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Mexicans put too much faith in magic and too little in science, according to a survey of public perception of science and technology. According to the poll, about half the country's citizens also believe scientists are "dangerous."

The study, compiled annually by the National Council on Science and Technology and the National Institute of Statistics and Geography, indicates that a large percentage of Mexicans give credence to homeopathy, acupuncture, spiritual cleansing, lucky numbers, and ESP. Approximately 38% also believe that "space vehicles from other civilizations" visit Earth.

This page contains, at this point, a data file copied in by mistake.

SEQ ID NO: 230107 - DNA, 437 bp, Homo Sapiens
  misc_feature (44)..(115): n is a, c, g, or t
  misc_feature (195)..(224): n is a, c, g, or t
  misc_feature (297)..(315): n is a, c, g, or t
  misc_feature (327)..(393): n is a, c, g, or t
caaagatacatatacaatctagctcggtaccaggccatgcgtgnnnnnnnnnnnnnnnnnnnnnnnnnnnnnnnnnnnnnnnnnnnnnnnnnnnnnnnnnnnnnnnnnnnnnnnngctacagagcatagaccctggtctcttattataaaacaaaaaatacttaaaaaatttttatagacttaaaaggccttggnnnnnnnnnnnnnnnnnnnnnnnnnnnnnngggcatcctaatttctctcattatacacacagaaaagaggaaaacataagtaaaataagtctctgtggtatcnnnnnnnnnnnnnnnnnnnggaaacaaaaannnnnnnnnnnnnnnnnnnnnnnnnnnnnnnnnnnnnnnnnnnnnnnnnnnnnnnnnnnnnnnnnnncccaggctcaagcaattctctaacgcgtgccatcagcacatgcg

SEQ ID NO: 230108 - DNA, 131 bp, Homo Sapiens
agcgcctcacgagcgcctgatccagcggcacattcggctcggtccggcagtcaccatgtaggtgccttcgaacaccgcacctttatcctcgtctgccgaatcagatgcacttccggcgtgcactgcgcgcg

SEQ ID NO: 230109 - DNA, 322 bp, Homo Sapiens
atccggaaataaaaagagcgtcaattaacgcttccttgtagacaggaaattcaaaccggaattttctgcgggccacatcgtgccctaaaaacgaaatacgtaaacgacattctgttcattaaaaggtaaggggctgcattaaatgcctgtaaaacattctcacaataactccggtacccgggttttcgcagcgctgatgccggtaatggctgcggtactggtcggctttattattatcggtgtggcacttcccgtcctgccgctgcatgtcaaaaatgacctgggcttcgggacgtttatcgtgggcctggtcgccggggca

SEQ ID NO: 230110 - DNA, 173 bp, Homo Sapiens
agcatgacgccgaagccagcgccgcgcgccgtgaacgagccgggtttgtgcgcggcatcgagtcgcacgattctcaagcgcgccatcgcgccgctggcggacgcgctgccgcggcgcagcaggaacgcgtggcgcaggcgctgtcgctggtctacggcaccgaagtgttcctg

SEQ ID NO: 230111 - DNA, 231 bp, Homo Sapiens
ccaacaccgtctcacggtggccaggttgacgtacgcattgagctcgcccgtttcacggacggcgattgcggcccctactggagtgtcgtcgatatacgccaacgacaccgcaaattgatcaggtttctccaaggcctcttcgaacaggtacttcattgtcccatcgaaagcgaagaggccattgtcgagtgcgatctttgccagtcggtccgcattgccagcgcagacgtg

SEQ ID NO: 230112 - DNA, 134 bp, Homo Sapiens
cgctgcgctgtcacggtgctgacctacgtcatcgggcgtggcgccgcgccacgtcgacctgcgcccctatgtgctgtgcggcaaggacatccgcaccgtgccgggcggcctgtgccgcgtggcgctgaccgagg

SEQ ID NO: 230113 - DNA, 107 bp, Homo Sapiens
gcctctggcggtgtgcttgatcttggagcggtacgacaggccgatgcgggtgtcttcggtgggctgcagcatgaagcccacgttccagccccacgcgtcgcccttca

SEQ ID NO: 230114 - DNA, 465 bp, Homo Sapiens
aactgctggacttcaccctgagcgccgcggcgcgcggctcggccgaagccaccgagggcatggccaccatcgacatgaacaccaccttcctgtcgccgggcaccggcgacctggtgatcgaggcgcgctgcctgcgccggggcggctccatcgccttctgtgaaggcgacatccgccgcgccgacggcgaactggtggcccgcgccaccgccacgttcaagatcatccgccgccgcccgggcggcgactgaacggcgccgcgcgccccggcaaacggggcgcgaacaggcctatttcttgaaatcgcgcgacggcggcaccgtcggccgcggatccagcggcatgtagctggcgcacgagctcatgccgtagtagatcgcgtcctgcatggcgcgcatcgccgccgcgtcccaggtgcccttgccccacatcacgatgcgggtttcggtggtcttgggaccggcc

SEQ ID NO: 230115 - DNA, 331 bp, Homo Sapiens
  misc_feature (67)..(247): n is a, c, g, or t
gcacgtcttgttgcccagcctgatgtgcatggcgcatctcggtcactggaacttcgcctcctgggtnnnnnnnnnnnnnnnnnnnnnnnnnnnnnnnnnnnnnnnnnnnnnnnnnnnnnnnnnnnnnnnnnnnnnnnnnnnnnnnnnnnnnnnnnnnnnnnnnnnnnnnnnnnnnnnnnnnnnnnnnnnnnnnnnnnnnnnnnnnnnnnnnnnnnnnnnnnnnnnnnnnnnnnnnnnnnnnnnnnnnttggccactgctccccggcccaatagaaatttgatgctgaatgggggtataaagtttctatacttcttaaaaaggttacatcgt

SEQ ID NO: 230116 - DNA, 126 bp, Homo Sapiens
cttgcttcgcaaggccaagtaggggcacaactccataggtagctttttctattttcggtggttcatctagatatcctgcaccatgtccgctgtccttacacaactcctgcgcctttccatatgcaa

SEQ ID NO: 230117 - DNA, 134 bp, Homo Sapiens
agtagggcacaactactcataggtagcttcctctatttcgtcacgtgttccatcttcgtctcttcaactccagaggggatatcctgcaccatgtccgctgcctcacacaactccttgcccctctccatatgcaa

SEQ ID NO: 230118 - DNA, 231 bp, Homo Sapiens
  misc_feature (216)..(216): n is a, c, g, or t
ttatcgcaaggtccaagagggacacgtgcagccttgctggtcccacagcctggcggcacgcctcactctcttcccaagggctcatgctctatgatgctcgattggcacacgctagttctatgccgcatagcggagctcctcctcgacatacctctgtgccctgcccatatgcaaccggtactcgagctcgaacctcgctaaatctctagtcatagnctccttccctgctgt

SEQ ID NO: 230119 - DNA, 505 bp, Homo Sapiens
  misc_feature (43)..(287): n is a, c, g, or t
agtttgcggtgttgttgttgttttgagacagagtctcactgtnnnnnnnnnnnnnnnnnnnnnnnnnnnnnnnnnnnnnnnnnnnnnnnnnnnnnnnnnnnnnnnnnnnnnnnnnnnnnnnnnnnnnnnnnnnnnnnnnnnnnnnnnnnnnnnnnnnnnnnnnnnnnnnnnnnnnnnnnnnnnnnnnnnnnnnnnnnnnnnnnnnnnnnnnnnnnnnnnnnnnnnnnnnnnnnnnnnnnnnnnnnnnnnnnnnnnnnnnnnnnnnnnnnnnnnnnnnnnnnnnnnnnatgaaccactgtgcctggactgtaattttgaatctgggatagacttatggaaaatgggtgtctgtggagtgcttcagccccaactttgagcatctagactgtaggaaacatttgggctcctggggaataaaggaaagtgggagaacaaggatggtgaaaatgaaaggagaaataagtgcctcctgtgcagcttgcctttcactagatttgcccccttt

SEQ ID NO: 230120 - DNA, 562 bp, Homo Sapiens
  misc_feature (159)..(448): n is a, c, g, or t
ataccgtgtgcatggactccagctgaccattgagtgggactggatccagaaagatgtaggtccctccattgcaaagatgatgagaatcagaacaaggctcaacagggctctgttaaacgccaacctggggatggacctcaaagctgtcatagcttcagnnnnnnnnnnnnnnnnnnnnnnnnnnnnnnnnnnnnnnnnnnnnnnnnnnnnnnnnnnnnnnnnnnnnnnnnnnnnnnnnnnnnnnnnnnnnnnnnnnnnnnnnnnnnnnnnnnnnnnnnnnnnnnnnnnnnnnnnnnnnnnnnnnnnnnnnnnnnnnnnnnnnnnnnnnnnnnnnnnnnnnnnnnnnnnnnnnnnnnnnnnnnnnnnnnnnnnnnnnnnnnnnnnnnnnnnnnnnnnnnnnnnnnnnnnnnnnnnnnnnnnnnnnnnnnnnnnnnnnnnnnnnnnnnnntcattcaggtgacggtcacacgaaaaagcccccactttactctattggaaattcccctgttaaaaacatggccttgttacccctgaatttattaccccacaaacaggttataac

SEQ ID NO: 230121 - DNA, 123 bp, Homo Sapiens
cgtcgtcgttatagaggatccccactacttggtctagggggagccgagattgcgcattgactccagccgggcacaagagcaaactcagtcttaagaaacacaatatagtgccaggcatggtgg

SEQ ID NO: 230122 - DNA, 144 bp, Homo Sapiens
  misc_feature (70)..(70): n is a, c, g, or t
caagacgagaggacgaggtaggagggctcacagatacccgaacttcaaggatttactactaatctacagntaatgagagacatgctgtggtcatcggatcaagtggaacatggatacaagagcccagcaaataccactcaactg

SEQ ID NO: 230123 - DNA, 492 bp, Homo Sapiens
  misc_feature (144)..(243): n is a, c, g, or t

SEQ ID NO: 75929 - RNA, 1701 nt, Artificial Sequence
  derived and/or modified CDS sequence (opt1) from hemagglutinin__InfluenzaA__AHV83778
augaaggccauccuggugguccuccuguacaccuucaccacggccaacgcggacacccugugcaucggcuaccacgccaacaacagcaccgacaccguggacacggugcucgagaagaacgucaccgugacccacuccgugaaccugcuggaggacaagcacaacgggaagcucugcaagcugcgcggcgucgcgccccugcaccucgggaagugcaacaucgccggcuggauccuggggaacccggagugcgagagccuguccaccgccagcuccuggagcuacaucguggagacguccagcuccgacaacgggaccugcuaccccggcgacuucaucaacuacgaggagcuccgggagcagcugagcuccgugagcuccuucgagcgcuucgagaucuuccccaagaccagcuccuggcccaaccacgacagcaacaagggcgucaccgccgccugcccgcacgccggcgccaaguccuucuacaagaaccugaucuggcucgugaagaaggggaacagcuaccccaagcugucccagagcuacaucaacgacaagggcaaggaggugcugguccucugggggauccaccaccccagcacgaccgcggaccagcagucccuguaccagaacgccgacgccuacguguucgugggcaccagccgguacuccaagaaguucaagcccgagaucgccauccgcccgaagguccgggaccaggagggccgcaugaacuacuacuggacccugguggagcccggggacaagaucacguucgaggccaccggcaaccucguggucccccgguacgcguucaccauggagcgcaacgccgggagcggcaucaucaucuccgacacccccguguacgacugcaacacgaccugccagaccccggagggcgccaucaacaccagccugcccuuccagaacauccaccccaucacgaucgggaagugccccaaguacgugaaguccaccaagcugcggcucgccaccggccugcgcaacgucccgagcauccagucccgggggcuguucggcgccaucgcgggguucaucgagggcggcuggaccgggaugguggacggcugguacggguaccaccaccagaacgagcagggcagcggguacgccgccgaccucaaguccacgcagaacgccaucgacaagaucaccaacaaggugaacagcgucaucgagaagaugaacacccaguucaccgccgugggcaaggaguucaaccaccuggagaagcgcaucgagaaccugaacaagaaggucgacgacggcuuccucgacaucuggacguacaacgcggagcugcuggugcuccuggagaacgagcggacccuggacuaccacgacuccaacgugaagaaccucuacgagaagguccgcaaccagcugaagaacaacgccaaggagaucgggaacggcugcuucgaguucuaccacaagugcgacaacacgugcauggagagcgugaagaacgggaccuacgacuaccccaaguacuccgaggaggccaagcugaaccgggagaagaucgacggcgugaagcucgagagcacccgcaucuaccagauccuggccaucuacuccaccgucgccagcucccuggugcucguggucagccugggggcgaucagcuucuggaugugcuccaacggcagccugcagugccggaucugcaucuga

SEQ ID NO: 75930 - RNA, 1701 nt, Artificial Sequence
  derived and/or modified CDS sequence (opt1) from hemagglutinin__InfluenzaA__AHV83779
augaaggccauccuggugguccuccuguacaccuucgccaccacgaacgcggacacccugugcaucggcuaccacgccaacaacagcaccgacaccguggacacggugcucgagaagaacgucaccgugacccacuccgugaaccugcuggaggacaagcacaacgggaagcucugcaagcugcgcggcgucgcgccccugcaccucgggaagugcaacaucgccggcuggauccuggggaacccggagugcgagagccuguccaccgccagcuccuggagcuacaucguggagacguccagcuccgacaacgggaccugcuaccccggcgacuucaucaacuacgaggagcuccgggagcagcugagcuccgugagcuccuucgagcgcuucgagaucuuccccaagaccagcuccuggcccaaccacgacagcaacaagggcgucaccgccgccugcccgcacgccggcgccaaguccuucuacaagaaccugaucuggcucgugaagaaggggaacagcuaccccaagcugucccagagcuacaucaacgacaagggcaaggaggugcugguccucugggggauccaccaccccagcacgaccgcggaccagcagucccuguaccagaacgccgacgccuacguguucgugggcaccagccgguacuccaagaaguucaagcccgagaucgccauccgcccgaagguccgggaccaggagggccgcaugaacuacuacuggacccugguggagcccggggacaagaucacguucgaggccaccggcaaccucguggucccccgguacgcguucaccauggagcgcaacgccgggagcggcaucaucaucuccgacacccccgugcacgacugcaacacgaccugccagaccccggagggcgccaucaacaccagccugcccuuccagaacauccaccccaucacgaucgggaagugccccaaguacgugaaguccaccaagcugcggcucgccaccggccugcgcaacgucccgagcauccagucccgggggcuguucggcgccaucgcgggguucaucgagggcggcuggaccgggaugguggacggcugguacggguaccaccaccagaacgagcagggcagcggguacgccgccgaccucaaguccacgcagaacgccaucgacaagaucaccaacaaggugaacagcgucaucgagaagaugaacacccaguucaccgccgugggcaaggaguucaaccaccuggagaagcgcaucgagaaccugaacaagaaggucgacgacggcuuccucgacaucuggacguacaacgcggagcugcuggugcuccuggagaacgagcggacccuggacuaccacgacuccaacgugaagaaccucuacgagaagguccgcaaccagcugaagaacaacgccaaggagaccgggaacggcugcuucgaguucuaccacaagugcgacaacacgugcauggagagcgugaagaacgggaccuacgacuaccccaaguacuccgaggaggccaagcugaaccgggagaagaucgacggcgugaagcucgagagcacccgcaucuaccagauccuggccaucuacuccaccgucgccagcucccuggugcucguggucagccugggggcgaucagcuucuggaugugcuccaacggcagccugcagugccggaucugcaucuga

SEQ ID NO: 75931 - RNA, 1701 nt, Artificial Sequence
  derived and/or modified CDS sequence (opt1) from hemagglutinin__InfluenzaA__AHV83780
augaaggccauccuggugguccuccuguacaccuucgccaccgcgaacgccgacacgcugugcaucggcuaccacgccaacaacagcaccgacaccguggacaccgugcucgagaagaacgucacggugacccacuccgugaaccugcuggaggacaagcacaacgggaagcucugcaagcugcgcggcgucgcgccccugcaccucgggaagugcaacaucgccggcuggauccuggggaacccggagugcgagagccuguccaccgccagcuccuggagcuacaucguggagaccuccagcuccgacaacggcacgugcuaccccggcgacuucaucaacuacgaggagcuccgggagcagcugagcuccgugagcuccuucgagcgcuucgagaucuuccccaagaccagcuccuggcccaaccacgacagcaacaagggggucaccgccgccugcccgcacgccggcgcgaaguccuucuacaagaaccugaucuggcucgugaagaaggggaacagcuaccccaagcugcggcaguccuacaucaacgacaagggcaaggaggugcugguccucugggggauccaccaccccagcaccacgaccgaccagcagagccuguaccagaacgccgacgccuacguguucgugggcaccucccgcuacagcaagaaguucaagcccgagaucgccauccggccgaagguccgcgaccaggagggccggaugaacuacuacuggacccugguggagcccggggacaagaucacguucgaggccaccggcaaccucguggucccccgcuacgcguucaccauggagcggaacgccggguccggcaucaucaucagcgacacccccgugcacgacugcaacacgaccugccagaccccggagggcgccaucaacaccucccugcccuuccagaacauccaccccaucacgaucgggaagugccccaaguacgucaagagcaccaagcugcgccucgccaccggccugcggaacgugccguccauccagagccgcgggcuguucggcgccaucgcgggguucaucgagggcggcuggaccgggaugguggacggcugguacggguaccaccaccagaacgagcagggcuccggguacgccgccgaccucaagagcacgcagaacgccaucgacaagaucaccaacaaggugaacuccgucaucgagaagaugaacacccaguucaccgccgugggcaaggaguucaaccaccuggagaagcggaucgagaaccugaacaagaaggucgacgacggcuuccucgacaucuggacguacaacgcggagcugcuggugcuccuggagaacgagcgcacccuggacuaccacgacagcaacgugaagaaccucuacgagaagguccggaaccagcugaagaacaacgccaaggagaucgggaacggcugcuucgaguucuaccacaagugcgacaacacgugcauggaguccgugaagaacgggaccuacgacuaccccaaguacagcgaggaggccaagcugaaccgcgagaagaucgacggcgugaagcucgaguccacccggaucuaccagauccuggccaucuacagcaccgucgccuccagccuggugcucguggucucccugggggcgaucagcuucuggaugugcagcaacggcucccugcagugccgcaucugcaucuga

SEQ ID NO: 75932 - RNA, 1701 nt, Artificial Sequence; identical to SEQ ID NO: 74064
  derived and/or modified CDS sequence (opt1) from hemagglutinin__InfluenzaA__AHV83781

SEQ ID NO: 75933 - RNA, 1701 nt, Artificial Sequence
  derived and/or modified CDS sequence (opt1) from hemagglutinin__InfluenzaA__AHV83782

To be sure, Mexicans are aware that their faith in otherworldly forces may be a problem. About 83.6% agreed with the statement, "We believe too much in faith and too little in science." Most think the country needs more scientists.

The results are considered worrisome. As in other Latin American nations, scientists in Mexico fret that economic development is limited by low investment in R&D. Rosaura Ruiz, director of the faculty of science at the Universidad Nacional Autónoma de México, told El Universal newspaper that Mexicans' faith in magic "might be laughable except that it is desperately grave for national development."

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